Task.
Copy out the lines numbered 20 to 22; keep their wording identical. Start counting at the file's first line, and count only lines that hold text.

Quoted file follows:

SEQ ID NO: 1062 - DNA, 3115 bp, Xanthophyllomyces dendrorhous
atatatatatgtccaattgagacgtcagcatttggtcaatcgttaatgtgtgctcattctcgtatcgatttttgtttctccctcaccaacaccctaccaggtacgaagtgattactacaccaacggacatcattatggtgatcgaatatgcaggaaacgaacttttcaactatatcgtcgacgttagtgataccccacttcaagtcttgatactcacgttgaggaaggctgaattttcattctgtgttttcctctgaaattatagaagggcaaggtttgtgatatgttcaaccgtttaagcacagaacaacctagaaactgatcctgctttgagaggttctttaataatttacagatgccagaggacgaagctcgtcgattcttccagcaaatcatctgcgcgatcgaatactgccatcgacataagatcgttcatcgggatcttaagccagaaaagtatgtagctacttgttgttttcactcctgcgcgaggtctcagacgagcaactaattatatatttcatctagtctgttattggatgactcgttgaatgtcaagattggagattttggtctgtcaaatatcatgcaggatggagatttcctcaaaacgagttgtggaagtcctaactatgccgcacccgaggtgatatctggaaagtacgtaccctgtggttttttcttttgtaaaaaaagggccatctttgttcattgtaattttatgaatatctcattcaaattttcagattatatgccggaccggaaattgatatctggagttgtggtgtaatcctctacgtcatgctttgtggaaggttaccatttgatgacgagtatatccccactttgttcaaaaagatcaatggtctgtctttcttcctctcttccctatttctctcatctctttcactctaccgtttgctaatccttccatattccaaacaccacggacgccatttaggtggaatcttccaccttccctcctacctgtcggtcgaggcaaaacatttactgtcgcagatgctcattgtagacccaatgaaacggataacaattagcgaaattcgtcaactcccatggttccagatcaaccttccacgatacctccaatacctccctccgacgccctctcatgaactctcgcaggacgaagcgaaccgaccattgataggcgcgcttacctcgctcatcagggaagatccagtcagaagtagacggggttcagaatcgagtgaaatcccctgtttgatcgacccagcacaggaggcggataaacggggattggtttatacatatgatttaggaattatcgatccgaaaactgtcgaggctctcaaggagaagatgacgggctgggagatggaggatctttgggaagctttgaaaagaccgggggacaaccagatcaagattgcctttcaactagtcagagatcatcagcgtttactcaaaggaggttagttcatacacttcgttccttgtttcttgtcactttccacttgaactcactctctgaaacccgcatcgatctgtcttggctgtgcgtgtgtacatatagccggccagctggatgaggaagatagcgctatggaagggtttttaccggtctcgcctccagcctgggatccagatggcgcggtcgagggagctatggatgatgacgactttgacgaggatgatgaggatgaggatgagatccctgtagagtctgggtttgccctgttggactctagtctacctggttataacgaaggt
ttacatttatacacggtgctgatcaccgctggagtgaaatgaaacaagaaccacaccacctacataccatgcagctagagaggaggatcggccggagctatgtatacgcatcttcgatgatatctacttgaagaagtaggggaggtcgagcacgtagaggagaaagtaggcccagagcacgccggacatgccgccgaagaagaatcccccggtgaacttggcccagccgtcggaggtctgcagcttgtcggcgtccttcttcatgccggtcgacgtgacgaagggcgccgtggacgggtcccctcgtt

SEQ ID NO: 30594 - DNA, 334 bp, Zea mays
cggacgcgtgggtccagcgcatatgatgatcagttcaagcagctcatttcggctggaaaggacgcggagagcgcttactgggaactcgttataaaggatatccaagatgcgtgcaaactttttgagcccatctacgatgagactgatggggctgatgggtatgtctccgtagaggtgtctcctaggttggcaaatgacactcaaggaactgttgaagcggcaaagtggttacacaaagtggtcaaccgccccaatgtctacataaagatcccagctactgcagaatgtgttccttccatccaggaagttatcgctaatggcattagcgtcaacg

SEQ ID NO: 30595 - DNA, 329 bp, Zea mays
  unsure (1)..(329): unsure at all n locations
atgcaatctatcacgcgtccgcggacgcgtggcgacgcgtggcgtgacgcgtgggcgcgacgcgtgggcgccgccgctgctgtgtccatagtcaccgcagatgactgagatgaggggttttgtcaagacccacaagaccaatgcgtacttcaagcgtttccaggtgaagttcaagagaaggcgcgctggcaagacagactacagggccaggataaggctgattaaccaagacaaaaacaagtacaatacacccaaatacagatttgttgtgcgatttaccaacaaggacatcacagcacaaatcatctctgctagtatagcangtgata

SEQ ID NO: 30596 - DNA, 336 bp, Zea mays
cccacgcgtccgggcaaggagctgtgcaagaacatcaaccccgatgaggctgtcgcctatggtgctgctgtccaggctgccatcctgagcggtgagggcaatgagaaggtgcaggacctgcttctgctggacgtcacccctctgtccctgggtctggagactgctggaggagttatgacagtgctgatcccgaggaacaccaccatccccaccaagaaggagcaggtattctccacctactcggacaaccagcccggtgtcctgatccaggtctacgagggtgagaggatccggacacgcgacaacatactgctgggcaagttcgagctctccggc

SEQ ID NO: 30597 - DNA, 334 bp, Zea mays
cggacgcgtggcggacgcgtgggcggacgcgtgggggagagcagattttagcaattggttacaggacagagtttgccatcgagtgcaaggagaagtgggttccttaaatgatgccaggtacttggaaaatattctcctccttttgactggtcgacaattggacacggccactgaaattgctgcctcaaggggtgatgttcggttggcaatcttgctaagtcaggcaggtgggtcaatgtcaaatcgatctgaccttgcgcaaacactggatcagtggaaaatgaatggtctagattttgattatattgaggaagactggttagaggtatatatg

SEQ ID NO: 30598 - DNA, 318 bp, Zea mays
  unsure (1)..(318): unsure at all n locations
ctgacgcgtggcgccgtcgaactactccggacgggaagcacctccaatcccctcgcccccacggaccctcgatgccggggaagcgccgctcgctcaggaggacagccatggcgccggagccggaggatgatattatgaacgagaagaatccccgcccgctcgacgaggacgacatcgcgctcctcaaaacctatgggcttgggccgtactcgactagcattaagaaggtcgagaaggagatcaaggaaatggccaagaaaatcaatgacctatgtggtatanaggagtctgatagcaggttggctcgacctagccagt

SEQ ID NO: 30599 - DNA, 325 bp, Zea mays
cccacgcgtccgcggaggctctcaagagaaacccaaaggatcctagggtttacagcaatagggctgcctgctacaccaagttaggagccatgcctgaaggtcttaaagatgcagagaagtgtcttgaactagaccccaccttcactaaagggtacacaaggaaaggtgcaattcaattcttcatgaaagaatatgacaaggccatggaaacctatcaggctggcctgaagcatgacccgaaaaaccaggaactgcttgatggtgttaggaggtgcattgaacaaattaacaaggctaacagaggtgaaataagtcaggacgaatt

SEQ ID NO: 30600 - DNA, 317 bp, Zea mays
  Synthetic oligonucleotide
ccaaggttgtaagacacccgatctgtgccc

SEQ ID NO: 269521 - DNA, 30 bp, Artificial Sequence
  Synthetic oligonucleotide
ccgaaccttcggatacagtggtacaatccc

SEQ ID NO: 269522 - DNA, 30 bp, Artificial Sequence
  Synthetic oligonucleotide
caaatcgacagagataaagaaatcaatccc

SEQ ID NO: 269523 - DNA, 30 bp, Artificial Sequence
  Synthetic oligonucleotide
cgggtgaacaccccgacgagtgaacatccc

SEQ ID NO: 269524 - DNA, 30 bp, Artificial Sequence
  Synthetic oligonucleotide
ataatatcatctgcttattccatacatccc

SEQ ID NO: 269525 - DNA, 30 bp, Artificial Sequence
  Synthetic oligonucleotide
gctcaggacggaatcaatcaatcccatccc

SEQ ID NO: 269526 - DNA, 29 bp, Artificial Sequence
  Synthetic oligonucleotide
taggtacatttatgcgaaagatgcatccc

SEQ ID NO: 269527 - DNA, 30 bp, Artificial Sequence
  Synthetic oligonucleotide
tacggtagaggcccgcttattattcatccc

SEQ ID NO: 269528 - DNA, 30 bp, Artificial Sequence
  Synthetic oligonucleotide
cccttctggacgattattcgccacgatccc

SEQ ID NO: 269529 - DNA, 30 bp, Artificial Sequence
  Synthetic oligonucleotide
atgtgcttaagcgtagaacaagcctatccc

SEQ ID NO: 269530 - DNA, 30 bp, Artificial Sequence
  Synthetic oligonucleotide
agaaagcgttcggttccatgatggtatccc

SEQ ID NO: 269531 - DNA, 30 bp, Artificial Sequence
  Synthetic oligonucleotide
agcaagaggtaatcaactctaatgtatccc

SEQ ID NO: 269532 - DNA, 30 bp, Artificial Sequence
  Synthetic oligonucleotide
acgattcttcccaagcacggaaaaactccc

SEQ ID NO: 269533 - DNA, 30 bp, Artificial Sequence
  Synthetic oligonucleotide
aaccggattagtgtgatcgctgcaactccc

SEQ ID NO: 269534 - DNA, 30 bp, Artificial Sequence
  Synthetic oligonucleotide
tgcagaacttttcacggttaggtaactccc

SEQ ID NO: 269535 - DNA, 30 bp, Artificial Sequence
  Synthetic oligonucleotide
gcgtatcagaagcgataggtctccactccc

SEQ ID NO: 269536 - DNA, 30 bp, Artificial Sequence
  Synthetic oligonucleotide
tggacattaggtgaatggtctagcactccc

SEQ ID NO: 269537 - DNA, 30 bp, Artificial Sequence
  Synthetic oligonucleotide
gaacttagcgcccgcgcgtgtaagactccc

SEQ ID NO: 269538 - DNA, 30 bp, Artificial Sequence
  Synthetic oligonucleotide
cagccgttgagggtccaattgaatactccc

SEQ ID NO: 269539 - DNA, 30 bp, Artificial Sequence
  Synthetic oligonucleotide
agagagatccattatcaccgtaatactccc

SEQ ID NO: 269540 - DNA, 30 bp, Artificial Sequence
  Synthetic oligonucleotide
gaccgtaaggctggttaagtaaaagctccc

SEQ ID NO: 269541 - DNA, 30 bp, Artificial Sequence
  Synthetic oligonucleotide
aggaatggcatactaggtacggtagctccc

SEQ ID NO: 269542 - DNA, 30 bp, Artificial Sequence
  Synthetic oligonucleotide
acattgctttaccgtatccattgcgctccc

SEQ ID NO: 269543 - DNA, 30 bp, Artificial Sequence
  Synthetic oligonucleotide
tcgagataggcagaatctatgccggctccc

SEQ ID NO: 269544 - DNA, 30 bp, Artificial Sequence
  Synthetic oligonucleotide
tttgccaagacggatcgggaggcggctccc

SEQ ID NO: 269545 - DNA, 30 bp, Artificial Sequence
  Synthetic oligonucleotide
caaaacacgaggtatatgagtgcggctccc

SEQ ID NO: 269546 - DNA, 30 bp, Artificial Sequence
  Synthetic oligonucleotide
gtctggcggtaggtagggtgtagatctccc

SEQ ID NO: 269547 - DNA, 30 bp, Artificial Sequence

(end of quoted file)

ccaaggttgtaagacacccgatctgtgccc

SEQ ID NO: 269521 - DNA, 30 bp, Artificial Sequence
  Synthetic oligonucleotide